6) Spokane Chiefs: This will be a young team that could have a lot of trouble putting pucks in the net. Oft injured Derek Schutz will be back to lead up front but his wonky shoulders leave many question marks on his durability. A big loss in the toughness department as well when Curtis Suter decided to accept an offer from the Westen Pro Hockey League, though apparently his absence is going to filled by eighteen year old Curt Sauer, who at 6’4″ and about 225 is big enough to fill the role. A good young defence, led by David Boychuk, Kyle Rossiter, Mark Forth, Cole Fischer and sophomore Chris Callaway should help sophomore goaltender Lenchucka keep pucks out of the net, but pressure will be on young guy’s Lynn Lyons, Ryan Thorpe, Tim Krymusa and Brandin Cote to find ways to put the puck in the opposition’s net. It appears veteran coach Mike Babcock and GM Tim Speltz can thank a weak looking group in Portland for the final playoff spot, but they will still have many long nights with
this young group.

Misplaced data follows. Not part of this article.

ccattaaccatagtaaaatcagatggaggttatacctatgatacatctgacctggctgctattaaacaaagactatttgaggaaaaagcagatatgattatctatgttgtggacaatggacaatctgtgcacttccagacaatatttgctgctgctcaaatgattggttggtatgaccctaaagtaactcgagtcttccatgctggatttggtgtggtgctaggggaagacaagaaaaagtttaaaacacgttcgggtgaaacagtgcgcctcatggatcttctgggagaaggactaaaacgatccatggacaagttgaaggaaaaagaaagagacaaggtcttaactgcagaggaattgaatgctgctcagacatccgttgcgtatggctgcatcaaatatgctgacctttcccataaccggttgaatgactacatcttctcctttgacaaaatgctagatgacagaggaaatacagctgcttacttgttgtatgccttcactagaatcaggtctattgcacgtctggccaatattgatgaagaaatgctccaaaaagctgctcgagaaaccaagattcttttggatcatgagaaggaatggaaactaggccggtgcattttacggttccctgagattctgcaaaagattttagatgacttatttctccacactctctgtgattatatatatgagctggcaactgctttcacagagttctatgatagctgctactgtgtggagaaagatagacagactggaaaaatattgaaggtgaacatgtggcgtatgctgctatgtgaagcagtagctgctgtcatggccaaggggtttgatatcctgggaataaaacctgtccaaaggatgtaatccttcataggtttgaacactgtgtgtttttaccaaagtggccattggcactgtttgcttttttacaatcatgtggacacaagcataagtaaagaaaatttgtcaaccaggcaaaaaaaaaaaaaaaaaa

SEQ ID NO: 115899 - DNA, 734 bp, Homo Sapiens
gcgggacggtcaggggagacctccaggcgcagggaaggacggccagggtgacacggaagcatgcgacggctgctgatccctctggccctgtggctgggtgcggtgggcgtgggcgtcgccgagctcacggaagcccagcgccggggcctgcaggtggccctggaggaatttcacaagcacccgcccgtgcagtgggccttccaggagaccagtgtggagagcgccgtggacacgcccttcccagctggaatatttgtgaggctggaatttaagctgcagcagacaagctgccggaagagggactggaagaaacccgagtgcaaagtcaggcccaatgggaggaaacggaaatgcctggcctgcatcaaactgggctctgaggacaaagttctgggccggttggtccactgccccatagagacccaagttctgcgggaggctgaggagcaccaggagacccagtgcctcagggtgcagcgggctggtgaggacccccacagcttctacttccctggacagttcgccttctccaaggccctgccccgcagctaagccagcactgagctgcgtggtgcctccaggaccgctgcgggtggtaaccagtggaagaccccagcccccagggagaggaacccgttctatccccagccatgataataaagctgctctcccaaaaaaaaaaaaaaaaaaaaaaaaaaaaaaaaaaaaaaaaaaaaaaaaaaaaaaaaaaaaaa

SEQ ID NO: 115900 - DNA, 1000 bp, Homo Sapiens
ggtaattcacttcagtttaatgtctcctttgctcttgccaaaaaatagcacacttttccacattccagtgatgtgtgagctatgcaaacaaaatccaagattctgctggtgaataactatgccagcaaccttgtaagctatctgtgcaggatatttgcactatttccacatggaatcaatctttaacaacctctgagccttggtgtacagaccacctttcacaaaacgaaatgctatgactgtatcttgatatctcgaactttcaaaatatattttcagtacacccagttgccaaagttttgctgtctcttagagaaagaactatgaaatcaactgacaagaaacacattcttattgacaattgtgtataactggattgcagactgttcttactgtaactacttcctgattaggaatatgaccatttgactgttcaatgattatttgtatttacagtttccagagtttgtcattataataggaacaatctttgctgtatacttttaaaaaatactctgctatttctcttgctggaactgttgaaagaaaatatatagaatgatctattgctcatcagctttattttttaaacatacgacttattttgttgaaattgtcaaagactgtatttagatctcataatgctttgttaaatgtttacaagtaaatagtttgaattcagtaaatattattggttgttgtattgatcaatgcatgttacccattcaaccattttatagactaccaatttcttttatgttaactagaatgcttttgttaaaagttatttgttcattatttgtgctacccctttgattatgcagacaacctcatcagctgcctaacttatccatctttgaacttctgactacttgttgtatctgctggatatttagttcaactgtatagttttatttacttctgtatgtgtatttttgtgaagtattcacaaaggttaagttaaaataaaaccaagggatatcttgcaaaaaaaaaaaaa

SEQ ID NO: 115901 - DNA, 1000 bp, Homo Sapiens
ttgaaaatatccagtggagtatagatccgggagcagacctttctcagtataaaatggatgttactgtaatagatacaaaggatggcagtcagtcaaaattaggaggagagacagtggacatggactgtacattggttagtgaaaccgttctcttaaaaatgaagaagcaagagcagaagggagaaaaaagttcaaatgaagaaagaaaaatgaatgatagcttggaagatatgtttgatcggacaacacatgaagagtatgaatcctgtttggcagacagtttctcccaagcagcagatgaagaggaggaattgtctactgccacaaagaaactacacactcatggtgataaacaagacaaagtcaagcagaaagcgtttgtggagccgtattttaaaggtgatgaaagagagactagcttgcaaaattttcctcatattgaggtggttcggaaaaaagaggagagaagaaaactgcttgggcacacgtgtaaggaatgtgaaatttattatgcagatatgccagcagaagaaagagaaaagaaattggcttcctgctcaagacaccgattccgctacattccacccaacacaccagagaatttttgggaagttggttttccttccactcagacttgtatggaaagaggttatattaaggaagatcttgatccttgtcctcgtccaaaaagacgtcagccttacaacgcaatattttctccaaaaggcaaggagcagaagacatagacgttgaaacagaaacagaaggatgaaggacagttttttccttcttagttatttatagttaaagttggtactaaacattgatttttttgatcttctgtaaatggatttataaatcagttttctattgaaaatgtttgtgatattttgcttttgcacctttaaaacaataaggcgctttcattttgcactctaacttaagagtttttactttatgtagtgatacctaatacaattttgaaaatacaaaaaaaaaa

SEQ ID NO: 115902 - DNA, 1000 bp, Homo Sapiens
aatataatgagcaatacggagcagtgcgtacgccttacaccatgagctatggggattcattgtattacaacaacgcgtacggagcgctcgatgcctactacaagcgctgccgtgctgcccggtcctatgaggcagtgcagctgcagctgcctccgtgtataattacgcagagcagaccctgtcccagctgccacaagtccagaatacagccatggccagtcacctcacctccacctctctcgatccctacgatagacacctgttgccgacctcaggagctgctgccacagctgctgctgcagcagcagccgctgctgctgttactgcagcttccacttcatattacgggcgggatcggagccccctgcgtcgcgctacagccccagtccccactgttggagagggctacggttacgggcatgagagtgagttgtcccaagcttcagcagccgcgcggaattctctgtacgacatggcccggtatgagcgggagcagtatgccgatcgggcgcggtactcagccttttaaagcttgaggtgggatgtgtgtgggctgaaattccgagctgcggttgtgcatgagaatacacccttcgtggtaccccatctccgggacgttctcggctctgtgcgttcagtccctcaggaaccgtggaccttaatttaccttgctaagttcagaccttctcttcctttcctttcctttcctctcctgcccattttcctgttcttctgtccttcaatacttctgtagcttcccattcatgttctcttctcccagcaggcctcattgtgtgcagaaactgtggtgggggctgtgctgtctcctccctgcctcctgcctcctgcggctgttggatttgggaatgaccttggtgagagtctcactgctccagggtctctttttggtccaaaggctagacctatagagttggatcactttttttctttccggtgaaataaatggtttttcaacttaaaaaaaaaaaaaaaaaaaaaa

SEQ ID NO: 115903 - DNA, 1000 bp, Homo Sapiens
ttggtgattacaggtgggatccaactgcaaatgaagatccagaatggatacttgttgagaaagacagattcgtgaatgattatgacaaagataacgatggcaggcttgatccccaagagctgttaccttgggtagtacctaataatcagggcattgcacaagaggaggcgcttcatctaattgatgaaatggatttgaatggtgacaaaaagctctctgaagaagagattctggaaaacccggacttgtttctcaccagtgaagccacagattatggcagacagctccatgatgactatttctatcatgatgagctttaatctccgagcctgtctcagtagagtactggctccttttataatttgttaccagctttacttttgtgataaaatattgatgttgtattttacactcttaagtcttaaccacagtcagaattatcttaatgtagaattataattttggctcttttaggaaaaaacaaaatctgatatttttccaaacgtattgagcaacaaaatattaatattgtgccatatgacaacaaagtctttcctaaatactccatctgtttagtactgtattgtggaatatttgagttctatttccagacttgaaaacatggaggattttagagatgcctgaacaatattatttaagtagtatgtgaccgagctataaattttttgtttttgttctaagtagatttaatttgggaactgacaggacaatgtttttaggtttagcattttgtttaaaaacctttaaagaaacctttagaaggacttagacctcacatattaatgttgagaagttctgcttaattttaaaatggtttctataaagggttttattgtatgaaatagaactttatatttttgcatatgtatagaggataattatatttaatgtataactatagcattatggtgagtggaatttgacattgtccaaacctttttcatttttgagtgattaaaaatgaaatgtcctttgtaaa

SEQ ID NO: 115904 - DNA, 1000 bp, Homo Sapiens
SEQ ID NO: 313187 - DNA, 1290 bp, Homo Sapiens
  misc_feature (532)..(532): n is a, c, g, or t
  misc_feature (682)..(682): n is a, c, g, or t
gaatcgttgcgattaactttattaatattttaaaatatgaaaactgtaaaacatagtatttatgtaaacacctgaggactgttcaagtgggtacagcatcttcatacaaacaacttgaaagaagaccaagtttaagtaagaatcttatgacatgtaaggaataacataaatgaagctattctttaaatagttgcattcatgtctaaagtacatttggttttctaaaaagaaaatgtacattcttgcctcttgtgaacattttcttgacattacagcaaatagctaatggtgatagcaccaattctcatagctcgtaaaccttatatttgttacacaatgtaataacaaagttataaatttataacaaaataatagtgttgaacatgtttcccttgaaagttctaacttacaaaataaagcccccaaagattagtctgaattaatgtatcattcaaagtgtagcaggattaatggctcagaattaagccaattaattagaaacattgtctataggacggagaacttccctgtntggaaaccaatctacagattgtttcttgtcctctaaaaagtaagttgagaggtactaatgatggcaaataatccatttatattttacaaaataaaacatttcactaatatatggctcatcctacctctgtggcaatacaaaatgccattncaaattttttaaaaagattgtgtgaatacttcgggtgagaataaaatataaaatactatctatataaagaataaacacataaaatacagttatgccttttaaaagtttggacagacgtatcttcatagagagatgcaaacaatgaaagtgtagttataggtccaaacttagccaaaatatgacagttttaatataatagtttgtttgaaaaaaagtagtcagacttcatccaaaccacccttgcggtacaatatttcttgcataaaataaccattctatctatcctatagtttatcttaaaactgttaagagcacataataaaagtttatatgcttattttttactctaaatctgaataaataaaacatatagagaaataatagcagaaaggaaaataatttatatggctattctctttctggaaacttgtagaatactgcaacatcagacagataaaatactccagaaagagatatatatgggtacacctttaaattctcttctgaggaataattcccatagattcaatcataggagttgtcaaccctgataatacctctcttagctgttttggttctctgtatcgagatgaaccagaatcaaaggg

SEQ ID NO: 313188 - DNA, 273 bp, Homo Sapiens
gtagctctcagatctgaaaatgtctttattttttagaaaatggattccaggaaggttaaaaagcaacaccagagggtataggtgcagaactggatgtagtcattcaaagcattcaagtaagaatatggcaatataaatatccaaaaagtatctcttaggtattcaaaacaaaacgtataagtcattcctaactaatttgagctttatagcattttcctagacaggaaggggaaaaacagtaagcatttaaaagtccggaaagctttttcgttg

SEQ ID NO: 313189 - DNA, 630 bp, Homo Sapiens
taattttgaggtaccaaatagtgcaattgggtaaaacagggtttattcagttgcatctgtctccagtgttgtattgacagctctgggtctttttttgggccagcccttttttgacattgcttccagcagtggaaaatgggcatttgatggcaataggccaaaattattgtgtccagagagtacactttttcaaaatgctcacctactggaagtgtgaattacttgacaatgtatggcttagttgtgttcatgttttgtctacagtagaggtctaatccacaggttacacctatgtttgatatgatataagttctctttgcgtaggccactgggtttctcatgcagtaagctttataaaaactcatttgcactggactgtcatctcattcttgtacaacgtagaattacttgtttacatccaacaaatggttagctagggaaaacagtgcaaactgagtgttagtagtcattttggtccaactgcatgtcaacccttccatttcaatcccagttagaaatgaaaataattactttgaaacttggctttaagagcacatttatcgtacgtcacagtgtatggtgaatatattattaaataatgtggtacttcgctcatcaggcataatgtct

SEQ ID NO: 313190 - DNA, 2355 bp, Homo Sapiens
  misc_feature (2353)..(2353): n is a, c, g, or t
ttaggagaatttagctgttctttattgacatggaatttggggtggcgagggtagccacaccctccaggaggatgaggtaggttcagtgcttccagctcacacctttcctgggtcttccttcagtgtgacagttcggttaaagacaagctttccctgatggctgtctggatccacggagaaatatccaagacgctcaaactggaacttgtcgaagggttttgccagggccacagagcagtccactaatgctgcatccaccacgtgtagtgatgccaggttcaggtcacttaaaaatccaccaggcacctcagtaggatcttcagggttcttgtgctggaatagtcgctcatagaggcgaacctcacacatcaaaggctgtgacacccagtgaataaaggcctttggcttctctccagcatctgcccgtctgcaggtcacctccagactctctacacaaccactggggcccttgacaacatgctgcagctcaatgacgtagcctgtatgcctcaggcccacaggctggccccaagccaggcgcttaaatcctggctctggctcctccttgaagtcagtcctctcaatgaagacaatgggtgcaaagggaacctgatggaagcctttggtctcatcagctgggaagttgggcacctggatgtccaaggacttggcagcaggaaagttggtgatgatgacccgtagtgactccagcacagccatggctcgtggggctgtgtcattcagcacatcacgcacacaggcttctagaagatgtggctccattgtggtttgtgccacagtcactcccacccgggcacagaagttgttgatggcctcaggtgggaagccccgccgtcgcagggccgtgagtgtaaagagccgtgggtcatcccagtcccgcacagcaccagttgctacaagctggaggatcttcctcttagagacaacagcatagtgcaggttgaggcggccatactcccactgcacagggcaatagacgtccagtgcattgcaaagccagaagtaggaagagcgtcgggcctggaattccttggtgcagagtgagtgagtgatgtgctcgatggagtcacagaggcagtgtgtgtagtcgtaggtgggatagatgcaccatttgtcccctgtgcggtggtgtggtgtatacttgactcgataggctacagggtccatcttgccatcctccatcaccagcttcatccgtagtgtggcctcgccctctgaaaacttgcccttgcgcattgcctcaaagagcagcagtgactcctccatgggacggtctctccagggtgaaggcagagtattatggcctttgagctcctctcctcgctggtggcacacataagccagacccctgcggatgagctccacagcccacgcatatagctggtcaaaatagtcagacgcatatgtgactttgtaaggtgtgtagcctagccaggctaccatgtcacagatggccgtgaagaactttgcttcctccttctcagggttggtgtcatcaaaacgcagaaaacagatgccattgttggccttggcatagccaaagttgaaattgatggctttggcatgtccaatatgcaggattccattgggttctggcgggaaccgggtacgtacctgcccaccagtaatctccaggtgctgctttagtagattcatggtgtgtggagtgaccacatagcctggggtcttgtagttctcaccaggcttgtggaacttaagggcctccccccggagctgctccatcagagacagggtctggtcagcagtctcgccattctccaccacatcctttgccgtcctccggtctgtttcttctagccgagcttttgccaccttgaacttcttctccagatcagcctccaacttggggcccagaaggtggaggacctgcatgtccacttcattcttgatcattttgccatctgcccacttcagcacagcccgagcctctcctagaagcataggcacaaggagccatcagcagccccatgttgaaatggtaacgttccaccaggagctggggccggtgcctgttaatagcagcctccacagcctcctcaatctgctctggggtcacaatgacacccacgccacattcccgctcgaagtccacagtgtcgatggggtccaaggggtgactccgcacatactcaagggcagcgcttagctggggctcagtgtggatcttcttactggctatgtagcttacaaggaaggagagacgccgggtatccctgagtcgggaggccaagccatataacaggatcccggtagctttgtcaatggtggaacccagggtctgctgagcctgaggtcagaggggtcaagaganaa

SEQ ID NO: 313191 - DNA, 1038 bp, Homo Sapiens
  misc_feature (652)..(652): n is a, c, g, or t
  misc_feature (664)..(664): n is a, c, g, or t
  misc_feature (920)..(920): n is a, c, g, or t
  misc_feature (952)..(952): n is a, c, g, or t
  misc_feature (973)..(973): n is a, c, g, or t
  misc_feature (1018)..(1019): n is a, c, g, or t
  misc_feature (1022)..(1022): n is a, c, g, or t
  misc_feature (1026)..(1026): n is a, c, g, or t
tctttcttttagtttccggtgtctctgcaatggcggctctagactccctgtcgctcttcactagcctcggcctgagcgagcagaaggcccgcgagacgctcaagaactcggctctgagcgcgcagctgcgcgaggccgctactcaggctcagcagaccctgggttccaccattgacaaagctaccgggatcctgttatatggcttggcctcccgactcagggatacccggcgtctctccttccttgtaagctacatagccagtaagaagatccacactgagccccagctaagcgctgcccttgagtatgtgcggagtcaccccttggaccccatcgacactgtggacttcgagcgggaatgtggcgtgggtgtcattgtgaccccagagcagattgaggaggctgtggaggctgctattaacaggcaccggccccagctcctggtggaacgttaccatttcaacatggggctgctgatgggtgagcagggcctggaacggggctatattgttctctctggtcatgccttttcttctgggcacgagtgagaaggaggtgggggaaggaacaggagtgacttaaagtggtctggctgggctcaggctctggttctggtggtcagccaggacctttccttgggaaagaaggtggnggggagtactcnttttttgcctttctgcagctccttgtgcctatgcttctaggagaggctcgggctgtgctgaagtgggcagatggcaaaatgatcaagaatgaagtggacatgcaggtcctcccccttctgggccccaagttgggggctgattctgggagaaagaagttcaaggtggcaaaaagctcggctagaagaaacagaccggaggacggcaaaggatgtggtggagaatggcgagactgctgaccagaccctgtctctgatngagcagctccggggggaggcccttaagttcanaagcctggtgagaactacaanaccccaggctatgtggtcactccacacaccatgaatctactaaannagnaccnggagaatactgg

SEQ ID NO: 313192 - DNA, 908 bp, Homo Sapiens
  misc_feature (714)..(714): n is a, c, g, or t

7) Portland Winterhawks: The Portland Winterhawks are still in recovery mode from their Memorial Cup win two years ago and it doesn’t look like this is the year they turn it around. Jason Labarbera is coming off a less than stellar year and key looses in Todd Robinson, Andrew Ferrence and Brenden Morrow will hurt the Hawks in a big way. The defence will be young and inexperienced, with the forwards lines much the same. Marcel Hossa and Blake Robson will need to live up to their “stars in the making” billing and Ken Davis will need to keep up the tough, physical play he showed at the end of last year to even help the young Hawks compete for the final playoff spot. As so often happens in the WHL when you make a run for the Memorial Cup, it can be a 2-3 year turn around to again become competitive and this looks to be the case in Portland again this year. Look for Davis and Labarbera to be dealt at some point this year to get some talented youth and maybe an eighteen year old with league experience who can step in and be a leader. Shaun Lee looked at times like he is capable of taking over the number one job in goal, allowing the Hawks to try and get some help by dealing Labarbera. Harold Snepts looks to have another long year ahead of him and hopefully GM Ken Hodge will go out and get him some help before Portland gets buried too deep early!